As I Please
14 April 1944
Attacking Mr. C. A. Smith and myself in the Malvern Torch for various remarks about the Christian religion, Mr. Sidney Dark grows very angry because I have suggested that the belief in personal immortality is decaying. "I would wager," he says, "that if a Gallup poll were taken seventy-five percent (of the British population) would confess to a vague belief in survival." Writing elsewhere during the same week, Mr. Dark puts it at eighty-five percent.
Now, I find it very rare to meet anyone, of whatever background, who admits to believing in personal immortality. Still, I think it quite likely that if you asked everyone the question and put pencil and paper in hands, a fairly large number (I am not so free with my percentages as Mr. Dark) would admit the possibility that after death there might be "something." The point Mr. Dark has missed is that the belief, such as it is, hasn't the actuality it had for our forefathers. Never, literally never in recent years, have I met anyone who gave me the impression of believing in the next world as firmly as he believed in the existence of, for instance, Australia. Belief in the next world does not influence conduct as it would if it were genuine. With that endless existence beyond death to look forward to, how trivial our lives here would seem! Most Christians profess to believe in Hell. Yet have you ever met a Christian who seemed as afraid of Hell as he was of cancer? Even very devout Christians will make jokes about Hell. They wouldn't make jokes about leprosy, or RAF pilots with their faces burnt away: the subject is too painful. Here there springs into my mind a little triolet by the late A. M. Currie:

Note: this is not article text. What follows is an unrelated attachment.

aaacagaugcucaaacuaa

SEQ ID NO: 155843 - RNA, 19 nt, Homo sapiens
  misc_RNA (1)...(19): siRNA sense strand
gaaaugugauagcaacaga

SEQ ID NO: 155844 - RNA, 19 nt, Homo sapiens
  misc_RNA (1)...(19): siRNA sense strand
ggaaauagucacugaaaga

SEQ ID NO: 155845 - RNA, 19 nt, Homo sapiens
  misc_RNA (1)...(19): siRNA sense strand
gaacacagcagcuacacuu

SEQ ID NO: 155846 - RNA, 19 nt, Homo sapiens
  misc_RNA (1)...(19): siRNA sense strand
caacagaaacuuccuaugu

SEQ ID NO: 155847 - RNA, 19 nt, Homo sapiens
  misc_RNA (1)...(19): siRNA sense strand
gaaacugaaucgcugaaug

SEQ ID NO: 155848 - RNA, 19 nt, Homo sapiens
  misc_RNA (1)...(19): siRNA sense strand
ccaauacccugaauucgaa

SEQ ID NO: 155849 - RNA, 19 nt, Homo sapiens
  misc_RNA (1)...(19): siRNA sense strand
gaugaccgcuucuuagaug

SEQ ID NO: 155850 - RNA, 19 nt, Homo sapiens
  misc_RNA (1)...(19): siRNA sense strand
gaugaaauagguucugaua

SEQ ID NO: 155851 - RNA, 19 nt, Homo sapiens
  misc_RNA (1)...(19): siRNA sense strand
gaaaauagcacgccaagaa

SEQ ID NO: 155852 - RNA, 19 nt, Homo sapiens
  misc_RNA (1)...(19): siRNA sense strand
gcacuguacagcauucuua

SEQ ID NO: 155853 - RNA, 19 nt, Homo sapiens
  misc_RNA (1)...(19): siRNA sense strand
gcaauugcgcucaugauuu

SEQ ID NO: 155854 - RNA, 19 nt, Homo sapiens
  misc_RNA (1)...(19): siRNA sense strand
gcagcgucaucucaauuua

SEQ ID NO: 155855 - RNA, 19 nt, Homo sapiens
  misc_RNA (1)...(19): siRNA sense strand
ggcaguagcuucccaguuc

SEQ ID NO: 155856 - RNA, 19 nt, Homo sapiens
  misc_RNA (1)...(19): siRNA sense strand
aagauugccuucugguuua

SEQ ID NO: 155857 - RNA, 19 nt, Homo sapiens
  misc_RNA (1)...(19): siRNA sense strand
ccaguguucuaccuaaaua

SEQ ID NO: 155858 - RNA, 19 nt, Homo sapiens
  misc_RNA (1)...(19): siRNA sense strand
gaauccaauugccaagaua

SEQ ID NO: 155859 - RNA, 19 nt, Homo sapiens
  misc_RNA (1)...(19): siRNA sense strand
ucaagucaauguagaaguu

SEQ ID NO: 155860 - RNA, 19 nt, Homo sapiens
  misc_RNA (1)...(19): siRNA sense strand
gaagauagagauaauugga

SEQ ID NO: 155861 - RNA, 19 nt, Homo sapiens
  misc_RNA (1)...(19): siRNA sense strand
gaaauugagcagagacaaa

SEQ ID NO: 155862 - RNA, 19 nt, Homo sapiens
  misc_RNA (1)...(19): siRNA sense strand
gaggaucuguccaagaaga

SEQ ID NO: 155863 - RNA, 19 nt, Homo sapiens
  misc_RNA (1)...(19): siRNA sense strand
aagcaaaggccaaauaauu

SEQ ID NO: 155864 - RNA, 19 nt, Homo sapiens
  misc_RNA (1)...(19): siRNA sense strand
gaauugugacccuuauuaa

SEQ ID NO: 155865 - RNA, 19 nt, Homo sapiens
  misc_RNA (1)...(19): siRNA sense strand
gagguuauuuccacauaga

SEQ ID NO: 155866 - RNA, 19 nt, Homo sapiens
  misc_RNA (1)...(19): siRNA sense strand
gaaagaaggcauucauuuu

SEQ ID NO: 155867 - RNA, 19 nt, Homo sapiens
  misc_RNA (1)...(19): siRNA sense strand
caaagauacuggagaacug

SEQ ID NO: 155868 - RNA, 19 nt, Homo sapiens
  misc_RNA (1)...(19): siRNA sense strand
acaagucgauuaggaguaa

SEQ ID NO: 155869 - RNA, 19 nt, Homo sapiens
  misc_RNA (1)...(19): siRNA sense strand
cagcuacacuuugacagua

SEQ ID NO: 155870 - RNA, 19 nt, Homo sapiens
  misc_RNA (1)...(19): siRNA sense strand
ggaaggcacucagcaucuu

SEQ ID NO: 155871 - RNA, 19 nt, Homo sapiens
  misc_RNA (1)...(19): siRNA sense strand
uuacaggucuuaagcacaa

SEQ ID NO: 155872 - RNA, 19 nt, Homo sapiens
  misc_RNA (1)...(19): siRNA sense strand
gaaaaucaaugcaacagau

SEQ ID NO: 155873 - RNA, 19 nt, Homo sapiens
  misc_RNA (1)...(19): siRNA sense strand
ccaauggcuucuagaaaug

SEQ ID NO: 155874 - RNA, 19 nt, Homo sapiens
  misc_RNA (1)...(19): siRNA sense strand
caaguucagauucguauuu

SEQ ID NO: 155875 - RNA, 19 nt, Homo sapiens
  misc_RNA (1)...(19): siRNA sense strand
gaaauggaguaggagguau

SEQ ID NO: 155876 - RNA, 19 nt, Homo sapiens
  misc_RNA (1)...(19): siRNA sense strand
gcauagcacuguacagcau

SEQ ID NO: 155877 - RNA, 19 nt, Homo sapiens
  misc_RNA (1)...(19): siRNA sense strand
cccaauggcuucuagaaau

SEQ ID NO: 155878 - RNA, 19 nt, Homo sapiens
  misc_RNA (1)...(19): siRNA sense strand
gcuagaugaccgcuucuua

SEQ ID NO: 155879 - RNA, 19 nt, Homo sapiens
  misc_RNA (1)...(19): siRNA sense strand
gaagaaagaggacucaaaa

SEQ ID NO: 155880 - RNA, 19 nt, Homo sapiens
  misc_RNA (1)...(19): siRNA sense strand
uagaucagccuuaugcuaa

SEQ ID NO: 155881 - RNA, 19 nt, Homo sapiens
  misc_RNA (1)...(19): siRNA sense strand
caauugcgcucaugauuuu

Currie, a Catholic, would presumably have said that he believed in Hell. If his next-door neighbour had been burnt to death he would not have written a comic poem about it, yet he can make jokes about somebody being fried for millions of years. I say that such belief has no reality. It is a sham currency, like the money in Samuel Butler's Musical Banks.It's a pity that Poppa has sold his soul It makes him sizzle at breakfast so. The money was useful, but still on the whole It's a pity that Poppa has sold his soul When he might have held on like the Baron de Coal And not cleared out when the price was low. It's a pity that Poppa has sold his soul It makes him sizzle at breakfast so.